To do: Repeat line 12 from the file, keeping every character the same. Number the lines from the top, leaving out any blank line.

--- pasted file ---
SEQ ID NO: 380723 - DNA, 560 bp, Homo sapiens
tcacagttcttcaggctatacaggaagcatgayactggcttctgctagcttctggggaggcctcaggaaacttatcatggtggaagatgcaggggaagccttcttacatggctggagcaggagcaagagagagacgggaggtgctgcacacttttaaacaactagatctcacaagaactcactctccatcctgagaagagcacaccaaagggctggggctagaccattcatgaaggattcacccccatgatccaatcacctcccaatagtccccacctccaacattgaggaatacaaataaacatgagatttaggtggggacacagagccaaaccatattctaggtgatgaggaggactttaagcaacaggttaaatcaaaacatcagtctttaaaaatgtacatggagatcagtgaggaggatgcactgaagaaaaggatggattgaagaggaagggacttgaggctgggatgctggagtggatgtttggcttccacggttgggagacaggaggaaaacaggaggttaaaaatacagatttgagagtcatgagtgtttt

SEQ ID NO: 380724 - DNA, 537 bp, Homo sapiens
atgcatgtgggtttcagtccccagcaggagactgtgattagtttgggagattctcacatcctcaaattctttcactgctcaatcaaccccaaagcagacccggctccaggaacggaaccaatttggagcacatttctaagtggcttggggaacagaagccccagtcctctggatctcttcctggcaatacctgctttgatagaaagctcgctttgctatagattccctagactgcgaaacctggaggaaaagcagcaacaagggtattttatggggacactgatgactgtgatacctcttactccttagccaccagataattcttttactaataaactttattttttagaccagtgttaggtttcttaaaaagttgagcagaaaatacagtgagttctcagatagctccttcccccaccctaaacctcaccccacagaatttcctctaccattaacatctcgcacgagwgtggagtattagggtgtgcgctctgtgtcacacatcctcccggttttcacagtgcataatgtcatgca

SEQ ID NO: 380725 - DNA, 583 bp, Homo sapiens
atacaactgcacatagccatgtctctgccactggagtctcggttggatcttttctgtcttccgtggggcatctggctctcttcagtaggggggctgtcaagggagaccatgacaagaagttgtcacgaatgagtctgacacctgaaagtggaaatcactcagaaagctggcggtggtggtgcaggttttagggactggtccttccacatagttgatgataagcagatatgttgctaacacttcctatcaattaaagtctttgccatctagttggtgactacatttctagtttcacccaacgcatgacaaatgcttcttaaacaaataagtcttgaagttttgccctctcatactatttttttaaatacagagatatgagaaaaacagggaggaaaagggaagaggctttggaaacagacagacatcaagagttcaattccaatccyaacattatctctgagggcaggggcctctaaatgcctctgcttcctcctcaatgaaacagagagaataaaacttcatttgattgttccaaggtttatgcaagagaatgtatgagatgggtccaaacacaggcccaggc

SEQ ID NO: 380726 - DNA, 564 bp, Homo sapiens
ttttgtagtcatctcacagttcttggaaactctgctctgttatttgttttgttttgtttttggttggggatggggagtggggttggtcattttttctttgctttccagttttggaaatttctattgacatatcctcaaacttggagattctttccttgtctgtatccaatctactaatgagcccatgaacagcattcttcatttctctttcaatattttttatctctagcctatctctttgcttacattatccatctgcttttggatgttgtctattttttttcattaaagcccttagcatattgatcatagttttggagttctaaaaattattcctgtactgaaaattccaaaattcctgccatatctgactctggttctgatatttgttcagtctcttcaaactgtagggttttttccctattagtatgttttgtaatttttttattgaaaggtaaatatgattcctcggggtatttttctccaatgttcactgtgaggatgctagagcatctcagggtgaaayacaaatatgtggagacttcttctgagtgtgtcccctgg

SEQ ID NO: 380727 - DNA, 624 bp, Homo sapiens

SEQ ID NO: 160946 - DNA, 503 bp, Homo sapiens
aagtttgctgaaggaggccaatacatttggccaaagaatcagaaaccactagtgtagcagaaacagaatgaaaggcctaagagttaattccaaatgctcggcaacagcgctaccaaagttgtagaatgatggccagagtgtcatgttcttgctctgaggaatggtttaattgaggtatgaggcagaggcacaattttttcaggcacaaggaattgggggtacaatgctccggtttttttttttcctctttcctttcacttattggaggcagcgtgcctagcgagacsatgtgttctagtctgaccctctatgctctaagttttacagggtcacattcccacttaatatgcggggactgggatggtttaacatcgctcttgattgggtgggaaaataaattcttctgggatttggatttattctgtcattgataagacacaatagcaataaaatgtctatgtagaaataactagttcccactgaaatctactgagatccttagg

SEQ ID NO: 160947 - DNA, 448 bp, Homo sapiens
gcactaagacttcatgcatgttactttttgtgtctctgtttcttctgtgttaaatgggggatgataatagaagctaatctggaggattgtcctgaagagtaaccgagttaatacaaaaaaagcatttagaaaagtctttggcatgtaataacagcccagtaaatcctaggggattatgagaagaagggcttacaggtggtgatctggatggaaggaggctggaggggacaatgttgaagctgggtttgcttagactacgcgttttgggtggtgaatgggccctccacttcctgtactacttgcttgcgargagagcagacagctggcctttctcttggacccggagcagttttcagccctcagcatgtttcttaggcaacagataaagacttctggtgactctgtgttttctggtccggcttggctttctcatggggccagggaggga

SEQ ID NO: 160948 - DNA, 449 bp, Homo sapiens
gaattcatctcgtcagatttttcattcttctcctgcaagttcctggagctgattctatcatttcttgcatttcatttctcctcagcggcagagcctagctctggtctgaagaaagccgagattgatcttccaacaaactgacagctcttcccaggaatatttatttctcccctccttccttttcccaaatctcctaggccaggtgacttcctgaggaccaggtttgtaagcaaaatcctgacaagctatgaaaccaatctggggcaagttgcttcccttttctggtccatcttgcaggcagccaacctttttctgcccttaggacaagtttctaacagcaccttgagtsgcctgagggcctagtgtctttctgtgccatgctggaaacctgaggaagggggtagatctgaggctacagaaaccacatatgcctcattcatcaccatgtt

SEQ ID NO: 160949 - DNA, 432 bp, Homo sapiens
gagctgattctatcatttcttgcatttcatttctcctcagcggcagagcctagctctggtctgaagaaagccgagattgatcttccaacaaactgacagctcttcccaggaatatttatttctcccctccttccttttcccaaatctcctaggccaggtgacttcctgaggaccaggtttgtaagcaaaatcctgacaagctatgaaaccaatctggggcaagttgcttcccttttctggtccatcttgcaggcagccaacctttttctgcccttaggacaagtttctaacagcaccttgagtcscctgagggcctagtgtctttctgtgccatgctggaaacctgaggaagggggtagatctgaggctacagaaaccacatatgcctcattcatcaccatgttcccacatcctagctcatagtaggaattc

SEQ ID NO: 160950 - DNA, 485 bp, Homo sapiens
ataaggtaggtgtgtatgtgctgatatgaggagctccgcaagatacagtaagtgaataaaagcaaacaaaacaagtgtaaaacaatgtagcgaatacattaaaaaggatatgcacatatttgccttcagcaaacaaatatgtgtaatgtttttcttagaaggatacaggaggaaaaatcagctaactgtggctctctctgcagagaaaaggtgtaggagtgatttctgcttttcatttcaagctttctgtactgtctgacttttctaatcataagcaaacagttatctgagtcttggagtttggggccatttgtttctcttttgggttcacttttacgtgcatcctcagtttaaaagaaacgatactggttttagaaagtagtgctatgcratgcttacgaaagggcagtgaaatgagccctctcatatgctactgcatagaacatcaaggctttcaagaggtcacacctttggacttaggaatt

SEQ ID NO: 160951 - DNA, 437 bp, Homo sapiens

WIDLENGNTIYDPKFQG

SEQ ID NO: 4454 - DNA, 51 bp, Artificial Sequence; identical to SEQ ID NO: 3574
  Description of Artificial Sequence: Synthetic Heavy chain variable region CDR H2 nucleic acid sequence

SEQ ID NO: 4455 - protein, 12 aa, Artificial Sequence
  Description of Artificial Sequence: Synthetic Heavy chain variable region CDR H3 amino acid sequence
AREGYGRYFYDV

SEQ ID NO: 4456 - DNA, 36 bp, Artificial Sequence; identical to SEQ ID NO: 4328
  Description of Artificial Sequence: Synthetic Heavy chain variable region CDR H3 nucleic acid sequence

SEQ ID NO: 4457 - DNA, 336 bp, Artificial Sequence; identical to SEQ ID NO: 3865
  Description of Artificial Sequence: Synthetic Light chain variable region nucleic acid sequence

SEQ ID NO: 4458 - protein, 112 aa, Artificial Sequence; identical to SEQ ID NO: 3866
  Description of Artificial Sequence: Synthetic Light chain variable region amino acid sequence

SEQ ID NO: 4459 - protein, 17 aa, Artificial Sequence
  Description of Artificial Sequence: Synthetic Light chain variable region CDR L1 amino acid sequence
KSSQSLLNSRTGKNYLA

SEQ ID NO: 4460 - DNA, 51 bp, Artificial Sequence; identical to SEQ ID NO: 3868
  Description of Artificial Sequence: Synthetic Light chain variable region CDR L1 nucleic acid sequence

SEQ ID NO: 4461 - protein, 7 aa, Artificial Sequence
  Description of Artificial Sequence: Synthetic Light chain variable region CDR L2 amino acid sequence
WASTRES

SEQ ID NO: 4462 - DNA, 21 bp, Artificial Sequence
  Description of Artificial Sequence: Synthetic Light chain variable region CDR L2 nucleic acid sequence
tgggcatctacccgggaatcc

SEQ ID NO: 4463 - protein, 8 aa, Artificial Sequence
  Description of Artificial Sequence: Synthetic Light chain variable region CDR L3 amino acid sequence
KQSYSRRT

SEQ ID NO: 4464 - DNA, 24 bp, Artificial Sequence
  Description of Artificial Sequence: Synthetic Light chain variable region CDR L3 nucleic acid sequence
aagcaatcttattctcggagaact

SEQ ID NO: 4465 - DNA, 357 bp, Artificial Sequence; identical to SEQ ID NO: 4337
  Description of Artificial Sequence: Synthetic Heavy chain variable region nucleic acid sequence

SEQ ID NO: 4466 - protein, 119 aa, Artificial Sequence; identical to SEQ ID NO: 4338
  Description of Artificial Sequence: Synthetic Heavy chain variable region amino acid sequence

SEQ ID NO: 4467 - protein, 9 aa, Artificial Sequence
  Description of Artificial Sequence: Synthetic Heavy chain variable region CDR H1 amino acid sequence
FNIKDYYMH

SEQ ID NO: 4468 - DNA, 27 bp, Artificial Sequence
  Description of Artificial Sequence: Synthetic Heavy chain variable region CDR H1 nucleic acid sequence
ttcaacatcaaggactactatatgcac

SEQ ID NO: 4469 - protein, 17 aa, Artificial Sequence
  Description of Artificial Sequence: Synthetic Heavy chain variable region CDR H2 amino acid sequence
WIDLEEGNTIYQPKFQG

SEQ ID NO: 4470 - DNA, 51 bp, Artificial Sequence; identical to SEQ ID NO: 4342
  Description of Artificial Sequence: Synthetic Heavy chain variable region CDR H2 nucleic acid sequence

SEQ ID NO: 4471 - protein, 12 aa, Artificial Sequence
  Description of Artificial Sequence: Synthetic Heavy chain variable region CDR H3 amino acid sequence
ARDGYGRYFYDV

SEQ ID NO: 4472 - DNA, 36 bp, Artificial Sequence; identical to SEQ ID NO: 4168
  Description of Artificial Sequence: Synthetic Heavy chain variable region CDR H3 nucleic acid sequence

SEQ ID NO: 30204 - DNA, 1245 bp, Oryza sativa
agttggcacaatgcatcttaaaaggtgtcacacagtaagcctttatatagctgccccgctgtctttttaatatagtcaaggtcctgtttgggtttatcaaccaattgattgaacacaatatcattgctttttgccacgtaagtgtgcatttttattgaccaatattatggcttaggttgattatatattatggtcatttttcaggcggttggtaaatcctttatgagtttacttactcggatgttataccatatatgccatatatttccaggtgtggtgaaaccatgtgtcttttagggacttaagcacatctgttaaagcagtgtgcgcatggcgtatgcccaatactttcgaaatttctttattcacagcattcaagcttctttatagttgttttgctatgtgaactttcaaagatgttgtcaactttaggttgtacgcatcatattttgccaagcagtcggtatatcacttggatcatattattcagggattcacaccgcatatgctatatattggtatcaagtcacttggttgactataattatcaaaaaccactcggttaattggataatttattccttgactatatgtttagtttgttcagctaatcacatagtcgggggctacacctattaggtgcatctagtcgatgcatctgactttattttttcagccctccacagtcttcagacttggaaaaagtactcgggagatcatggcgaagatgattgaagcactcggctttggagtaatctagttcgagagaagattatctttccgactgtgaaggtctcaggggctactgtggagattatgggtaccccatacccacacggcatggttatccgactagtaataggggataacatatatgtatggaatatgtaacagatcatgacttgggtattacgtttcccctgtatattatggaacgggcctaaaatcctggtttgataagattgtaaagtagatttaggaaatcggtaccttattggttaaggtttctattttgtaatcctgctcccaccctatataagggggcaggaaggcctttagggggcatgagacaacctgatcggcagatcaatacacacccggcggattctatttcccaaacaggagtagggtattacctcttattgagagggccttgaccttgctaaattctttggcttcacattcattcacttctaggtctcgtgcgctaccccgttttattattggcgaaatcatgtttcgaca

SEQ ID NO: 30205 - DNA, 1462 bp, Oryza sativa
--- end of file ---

SEQ ID NO: 160947 - DNA, 448 bp, Homo sapiens